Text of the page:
Anchorage businesses remain unsafe to occupy due to earthquake damage
More than four months after the magnitude 7.1 earthquake on Nov. 30, several commercial properties remain under the 'red tag' classification, deemed unsafe to occupy.
Municipality of Anchorage Development Services Director Robert Doehl and his team have conducted 3,701 building inspections since Nov. 30.
Those inspections have resulted in 73 red tags on buildings determined to be unsafe to enter or occupy. 759 more have been yellow tagged — designated as safe for restricted use only.
Of the 73 red tags, 10 are businesses or commercial properties, and as of Tuesday, all 10 buildings remain unsafe to occupy according to municipal inspectors.
Doehl says that's largely due to the timing of the earthquake in the dead of Alaska's limited construction season.
"They are just getting those building permits and getting going on most of those buildings now," Doehl said. "It just takes time and you need the weather to cooperate."
Experts have noted that new damage will likely be discovered as snow melts and the ground underneath foundations thaws. But even those who were aware of full extent of damage had limited options for addressing it.
"You can't do foundation work or a lot of outside work when temperatures are below freezing or the ground is frozen," Doehl said.
The commercial properties that fall into the remain unsafe to occupy are:
-Ace Auto Body on Dowling Road
-Arctic Transmission / Arctic Self Storage on 58th Avenue
-Eagle River Elementary
-Gruening Middle School
-McKenna Bros Paving on Petersburg Street
-Microtel Inn & Suites off Old Glenn Highway
-The old AFD station on Fire House Lane
-Solid Waste Services Building A on Eagle River Loop
-The Valhalla Center on W. Northern Lights Boulevard
-Veritiv on Spar Avenue
According to data provided by the Muni, two of those locations have been approved for permits to begin repairing the damage.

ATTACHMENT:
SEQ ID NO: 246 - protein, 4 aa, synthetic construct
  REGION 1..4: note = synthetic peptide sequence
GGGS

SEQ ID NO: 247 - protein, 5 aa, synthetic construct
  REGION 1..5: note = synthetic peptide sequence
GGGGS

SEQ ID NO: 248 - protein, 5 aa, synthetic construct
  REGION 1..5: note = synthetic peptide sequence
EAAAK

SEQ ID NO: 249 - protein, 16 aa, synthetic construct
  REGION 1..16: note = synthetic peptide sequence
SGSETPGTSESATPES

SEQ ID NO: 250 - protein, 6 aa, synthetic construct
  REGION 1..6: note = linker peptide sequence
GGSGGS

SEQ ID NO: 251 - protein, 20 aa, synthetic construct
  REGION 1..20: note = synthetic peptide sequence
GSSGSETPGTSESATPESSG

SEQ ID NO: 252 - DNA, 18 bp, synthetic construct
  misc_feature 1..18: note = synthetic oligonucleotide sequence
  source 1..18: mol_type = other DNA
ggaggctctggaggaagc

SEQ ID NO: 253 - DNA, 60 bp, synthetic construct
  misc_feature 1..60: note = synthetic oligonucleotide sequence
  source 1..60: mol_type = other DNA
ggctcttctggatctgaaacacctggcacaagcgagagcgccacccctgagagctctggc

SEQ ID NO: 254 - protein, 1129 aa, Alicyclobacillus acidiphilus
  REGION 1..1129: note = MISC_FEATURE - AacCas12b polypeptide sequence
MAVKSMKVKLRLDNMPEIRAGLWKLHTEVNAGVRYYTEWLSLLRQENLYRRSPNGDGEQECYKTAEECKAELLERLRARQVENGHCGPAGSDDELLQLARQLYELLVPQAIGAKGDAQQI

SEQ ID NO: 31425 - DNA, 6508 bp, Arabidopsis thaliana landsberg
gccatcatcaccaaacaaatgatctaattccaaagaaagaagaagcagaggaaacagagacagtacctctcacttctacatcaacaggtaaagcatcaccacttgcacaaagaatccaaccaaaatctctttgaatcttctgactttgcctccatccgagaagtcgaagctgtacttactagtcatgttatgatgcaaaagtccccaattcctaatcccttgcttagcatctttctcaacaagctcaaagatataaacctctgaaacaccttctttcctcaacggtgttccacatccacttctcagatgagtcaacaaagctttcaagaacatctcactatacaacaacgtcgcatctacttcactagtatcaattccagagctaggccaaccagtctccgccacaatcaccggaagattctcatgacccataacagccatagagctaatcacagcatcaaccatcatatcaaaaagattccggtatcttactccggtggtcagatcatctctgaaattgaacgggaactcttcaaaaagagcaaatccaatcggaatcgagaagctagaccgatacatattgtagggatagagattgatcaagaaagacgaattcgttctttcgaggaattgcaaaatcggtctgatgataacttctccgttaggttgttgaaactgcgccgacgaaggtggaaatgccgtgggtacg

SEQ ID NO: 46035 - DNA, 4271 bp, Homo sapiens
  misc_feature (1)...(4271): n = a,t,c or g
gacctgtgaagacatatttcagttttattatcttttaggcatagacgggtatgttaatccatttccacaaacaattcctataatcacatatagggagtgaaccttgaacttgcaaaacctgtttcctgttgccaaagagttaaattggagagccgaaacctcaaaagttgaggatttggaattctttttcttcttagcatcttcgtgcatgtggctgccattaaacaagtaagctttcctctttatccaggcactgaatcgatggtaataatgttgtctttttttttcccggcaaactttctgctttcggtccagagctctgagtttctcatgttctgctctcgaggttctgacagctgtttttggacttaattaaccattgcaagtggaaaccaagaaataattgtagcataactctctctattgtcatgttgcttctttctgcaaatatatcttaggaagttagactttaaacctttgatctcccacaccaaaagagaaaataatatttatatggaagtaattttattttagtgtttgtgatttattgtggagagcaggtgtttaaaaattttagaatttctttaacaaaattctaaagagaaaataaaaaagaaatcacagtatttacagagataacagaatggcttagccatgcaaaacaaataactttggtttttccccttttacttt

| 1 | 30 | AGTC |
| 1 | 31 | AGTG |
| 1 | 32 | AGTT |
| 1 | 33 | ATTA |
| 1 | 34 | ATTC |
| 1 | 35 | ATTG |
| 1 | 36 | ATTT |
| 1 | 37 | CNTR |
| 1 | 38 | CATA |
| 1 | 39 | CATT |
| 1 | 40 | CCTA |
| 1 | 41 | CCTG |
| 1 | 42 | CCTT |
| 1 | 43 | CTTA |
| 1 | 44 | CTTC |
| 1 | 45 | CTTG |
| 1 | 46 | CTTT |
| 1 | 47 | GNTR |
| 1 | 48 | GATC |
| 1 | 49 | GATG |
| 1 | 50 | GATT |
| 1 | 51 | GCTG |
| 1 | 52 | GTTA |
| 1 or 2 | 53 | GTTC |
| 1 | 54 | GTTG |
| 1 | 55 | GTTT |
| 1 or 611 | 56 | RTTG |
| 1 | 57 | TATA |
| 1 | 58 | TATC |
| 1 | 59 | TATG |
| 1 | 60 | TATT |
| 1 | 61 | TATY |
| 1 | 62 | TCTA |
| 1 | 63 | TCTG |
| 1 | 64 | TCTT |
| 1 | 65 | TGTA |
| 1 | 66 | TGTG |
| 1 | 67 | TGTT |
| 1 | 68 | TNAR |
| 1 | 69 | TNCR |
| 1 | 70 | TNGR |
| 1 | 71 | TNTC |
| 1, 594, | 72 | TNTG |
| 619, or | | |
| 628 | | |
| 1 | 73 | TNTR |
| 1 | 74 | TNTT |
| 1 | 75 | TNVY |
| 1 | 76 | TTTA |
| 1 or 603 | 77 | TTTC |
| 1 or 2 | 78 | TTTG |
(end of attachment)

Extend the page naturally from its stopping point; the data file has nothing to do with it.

While those buildings were assessed as unsafe by the city, some are finding ways to keep their businesses up and running. Ace Auto Body has moved from two buildings down to one until repairs can be made. The Valhalla Center has resumed business at several shops on one end of the building, while the portion that suffered structural damage remains fenced off the the public.
Of the 62 yellow tagged businesses, some have shut down altogether like the Eagle River McDonald's, while others have made the repairs needed to reopen. One business that opted to repair the damage is the My Place Hotel in Midtown, which reopened its doors on April 1.
Some businesses still in the process of making repairs have run into delays bringing their buildings back up to code. The Salvation Army thrift store on Dimond Blvd. remains closed as crews work to repair damage to the ceiling, lighting, and walls.
"We're targeting mid-May to try to reopen this place," said Oscar Shaw IV, the regional retail manager for the Salvation Army's Alaska Division.
He says that the loss of the Salvation Army's biggest store has been a tough on its customers.
"We're fielding a lot of calls on a daily basis," Shaw said. "It's hard to get across town for some of these folks, they don't have the transportation."
Doehl also shared figures from a FEMA a study of post-1990 construction in Anchorage. Data from that study found that 3.86% of occupants in post-1990 properties requested individual disaster assistance, while the Chugiak area saw more than 9% of residents requesting aid, and jumping to more than 19% in Eagle River.
Both areas are outside Anchorage's building safety service area where building permitting and code enforcement inspections are not voluntary.